Members of an indigenous tribe in eastern lndia killed a man over allegations he had cut down “sacred” trees to build a house.
About 150 members of the Bhokta tribe dragged Sanju Pradhan, 34, from his home in Jharkhand state and assaulted him with sticks and bricks.
His body was set ablaze, said police who recovered his charred corpse from near a market hours after the attack occurred on Tuesday.
The tribe said Pradhan, a member of India’s Dalit caste, had secretly cut the sal trees in October and used the timber in a remote village in Simdega district.
Almost all tribes, including Bokhtas, in Jharkhand state revere sal as gods and the tree is widely worshipped in the largely animistic society.
“The villagers were angry with Pradhan, who had cut four sal trees in October to build a house,” Rameshwar More, station house officer at Kolebira police station, told The National.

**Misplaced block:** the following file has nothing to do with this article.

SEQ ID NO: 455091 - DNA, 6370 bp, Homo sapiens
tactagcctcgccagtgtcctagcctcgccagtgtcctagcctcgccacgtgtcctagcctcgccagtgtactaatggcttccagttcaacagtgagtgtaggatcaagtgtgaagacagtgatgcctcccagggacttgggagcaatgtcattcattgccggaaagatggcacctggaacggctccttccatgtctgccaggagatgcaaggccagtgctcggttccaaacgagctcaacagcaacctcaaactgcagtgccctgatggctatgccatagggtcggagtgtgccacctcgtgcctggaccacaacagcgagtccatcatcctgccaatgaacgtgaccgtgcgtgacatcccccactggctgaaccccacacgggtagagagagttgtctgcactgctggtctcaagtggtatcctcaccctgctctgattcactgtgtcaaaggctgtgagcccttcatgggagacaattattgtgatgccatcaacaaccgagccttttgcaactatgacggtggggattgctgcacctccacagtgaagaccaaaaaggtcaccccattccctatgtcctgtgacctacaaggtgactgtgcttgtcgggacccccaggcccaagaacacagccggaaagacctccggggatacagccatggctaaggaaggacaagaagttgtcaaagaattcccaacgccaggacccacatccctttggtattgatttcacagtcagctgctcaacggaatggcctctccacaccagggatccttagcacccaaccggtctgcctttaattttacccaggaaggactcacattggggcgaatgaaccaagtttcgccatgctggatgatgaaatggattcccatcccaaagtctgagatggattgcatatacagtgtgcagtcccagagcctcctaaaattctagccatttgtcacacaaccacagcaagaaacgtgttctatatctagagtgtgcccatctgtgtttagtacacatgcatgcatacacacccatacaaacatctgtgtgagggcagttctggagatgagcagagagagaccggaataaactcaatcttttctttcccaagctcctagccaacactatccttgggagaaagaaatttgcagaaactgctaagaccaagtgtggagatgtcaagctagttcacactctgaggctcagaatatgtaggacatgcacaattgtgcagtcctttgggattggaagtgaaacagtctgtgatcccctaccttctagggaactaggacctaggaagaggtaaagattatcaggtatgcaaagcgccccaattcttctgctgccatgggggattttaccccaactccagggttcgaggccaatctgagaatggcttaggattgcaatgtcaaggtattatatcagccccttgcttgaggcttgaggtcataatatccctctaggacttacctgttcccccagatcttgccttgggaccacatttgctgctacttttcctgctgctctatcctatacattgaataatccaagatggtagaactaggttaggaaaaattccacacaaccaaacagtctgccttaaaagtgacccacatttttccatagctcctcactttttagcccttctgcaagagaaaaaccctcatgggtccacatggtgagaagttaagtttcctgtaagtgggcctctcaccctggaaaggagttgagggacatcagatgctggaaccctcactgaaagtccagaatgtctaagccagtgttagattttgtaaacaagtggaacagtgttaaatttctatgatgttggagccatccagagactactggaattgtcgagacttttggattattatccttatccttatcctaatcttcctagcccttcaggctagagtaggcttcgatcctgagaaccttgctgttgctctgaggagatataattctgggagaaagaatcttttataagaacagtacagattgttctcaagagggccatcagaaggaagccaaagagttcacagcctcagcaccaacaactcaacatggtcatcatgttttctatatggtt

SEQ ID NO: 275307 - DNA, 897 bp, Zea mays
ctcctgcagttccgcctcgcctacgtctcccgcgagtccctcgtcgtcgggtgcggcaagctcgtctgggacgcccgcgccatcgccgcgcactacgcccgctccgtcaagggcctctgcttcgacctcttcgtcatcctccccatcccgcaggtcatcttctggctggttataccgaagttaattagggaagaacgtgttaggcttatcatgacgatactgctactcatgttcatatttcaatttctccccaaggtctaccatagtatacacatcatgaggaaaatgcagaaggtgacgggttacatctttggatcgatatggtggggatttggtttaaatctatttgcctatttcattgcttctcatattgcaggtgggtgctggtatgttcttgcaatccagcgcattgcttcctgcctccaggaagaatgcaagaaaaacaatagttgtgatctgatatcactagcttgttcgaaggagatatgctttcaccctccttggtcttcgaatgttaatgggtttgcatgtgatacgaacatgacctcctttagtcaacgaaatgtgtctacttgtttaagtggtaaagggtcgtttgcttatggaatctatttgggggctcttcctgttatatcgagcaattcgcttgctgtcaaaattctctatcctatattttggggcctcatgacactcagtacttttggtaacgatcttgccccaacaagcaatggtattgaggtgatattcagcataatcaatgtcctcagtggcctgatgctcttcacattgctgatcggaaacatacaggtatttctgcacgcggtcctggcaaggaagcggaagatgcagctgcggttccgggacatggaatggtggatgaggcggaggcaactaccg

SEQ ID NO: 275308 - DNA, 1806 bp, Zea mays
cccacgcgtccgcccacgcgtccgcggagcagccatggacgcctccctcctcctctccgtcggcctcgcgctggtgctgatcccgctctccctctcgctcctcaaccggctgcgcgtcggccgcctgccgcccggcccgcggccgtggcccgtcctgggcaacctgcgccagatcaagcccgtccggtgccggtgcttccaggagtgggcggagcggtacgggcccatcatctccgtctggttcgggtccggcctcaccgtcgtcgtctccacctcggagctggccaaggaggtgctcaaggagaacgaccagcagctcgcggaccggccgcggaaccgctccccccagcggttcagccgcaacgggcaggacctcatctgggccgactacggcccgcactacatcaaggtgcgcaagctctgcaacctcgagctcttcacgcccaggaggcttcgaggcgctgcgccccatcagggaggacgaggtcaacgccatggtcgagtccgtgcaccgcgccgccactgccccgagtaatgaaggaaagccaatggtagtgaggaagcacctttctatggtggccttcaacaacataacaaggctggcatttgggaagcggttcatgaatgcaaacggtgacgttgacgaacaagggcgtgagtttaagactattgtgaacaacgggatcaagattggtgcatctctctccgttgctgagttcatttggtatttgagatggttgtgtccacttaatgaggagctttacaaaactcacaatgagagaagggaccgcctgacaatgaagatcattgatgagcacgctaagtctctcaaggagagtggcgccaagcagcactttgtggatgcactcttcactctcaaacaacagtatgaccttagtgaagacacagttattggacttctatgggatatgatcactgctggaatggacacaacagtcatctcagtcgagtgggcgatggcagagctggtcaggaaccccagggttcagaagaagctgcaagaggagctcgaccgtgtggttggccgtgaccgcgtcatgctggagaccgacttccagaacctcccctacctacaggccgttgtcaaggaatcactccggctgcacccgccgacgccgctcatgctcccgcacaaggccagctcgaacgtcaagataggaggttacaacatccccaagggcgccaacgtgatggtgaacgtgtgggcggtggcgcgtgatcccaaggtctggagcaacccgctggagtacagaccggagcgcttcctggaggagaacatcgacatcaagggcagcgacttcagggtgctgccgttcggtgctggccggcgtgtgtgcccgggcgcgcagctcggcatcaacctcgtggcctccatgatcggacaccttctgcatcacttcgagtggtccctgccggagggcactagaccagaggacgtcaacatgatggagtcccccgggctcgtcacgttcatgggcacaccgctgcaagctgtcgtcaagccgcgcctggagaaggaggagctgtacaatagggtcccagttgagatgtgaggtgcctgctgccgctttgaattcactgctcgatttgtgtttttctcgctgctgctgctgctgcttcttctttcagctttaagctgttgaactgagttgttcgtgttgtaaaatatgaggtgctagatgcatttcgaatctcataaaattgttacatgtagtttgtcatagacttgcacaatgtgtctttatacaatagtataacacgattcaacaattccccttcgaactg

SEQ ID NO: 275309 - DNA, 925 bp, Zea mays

“He belonged to the same village but was a scheduled caste. The villagers had called for a meeting to resolve the issue but Pradhan didn’t attend it further angering the villagers … the tribe beat him up with bricks and sticks, and killed him.”
No arrests have been made yet but police have registered a case against 13 people.
“There were 150 people involved. We are yet to make any arrests but have filed a case against 13 people,” Mr More said.
“We are investigating the matter and identifying those involved.”
Scores of Indian tribes live in mineral-rich but underdeveloped parts of eastern and central India that are dominated by the indigenous people who largely remain untouched by modern life.
Much of the region is home to a decades-long left wing Maoist armed insurgency, which says it is defending the rights of the poor and tribes from big corporations.
Sal, also known for its medical properties, is an important part of tribal social and religious traditions.
Under Indian law, indigenous tribes in the country are allowed to live in forests and use them for sustenance and for cultural reasons.